Saturday, 22 September 2007

Former Scotland Yard detective John O'Connor: Was There Really An Intruder?

From The Times
September 22, 2007
Abduction by a stranger is the most plausible reason for disappearance
David Canter (*)
“(...) It appears that the Portuguese police may have fallen into the trap of having first formed a view of who the guilty party is, then seeking out the evidence to support that conclusion.” (...)
In a case such as Madeleine’s disappearance, we should expect professional investigators to pull together systematic accounts of the circumstances of a wide variety of child abductions and see what they can learn from them. It does not seem to me that the Portuguese police have done this. (...)
(*) - David Canter is Professor of Psychology at the University of Liverpool. The second edition of his book, Mapping Murder , will be published by Virgin Books in October.

Sky News Video
Madeleine: Was There Really An Intruder?

Former Scotland Yard detective John O'Connor has been in Portugal trying to pick up clues. He believes Madeleine may have in fact wandered out of the apartment to a nearby supermarket from where she was taken and he thinks she is still close by.

The Scotsman
Gerry McCann 'came close to Madeleine's abductor'
JOHN BINGHAM
PA Chief Reporter in Praia da Luz

MADELEINE McCANN's father believes he might have come within a few yards of his daughter's abductor when he saw her for the last time, a friend said today.

Gerry McCann has become convinced an intruder was already hiding inside the family's holiday flat when he left his meal to go back and check on his children on the night of Madeleine's disappearance (...)

Madeleine McCann: Gerry certain he was in bedroom with kidnapper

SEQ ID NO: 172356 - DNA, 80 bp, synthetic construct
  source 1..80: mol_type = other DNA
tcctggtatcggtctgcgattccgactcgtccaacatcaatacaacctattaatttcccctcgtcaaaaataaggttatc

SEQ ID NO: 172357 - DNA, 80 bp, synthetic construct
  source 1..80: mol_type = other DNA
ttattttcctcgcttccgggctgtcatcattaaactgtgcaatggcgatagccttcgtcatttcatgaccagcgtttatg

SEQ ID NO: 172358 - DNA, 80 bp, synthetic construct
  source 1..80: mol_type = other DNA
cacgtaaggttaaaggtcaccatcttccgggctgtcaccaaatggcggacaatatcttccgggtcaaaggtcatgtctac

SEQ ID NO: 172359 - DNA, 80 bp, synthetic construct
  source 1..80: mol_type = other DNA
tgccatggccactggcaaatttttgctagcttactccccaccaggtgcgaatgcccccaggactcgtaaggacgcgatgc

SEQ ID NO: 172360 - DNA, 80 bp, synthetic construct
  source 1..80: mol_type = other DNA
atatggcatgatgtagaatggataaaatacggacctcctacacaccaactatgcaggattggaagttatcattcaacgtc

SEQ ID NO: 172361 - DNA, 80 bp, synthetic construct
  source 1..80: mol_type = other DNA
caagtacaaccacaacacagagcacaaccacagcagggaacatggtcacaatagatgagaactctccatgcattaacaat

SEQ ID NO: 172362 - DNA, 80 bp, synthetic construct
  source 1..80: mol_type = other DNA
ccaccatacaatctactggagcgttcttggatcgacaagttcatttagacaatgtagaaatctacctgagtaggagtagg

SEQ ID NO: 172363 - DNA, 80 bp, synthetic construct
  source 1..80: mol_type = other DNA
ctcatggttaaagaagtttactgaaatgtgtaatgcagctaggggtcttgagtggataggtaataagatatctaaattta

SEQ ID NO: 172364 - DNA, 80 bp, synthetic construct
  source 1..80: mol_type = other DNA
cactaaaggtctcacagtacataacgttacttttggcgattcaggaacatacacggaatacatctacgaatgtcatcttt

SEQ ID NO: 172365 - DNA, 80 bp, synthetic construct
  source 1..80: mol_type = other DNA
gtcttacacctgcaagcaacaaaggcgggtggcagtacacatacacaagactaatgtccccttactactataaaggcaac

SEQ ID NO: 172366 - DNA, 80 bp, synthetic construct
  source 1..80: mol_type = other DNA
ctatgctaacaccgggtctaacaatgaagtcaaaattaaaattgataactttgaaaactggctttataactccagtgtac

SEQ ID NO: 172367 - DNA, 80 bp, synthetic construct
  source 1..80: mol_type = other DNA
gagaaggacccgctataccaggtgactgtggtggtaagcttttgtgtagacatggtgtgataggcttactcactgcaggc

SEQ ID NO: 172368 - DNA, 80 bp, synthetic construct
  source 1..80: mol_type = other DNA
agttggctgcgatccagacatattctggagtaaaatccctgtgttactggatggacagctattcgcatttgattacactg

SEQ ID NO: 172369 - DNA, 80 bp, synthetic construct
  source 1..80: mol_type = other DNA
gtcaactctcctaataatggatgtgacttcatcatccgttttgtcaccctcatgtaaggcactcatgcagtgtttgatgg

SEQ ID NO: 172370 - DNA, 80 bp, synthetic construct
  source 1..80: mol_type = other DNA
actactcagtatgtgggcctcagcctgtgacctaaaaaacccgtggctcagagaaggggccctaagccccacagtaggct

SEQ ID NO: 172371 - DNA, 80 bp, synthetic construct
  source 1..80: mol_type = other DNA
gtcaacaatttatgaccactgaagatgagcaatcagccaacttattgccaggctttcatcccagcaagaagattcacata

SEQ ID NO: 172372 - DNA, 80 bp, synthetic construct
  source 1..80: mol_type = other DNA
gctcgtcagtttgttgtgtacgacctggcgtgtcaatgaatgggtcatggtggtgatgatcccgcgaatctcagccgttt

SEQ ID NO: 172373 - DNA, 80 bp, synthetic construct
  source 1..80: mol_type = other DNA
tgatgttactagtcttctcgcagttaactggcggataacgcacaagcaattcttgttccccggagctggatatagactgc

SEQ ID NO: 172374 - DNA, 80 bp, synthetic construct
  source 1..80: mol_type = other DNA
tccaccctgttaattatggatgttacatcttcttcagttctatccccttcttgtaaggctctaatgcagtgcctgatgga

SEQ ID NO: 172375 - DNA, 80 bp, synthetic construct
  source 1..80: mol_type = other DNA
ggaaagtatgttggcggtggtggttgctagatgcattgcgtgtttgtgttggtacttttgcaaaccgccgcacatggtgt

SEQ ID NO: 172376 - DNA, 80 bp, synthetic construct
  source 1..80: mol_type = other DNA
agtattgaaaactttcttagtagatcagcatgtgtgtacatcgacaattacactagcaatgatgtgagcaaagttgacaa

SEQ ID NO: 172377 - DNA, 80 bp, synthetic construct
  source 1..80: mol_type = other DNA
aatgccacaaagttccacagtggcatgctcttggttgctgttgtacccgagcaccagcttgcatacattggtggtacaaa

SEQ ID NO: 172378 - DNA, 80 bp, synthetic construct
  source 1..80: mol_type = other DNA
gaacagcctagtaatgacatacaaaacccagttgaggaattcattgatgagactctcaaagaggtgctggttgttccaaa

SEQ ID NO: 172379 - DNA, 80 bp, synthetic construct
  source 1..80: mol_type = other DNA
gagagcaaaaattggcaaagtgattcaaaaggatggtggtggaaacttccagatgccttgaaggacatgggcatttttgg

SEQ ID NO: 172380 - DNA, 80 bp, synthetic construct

By Caroline Gammell in Praia da Luz
Last Updated: 8:54pm BST 21/09/2007

Gerry McCann is convinced his daughter's kidnapper was hiding behind a door in their holiday apartment as he checked on his sleeping children, according to a friend.

The cardiologist saw all three of his offspring – Madeleine, and the twins Sean and Amelie – sleeping peacefully at just after 9pm on the night of her disappearance. But as he turned to leave the ground floor room, he noticed that a door which he thought he had closed earlier was slightly ajar. Agonisingly, he is now sure that standing behind this door was his four-year-old daughter's abductor, waiting to steal her from her bed in the Praia da Luz (...)

From The Times
September 22, 2007
Abduction by a stranger is the most plausible reason for disappearance
David Canter (*)
“(...) It appears that the Portuguese police may have fallen into the trap of having first formed a view of who the guilty party is, then seeking out the evidence to support that conclusion.” (...)
In a case such as Madeleine’s disappearance, we should expect professional investigators to pull together systematic accounts of the circumstances of a wide variety of child abductions and see what they can learn from them. It does not seem to me that the Portuguese police have done this. (...)
(*) - David Canter is Professor of Psychology at the University of Liverpool. The second edition of his book, Mapping Murder , will be published by Virgin Books in October.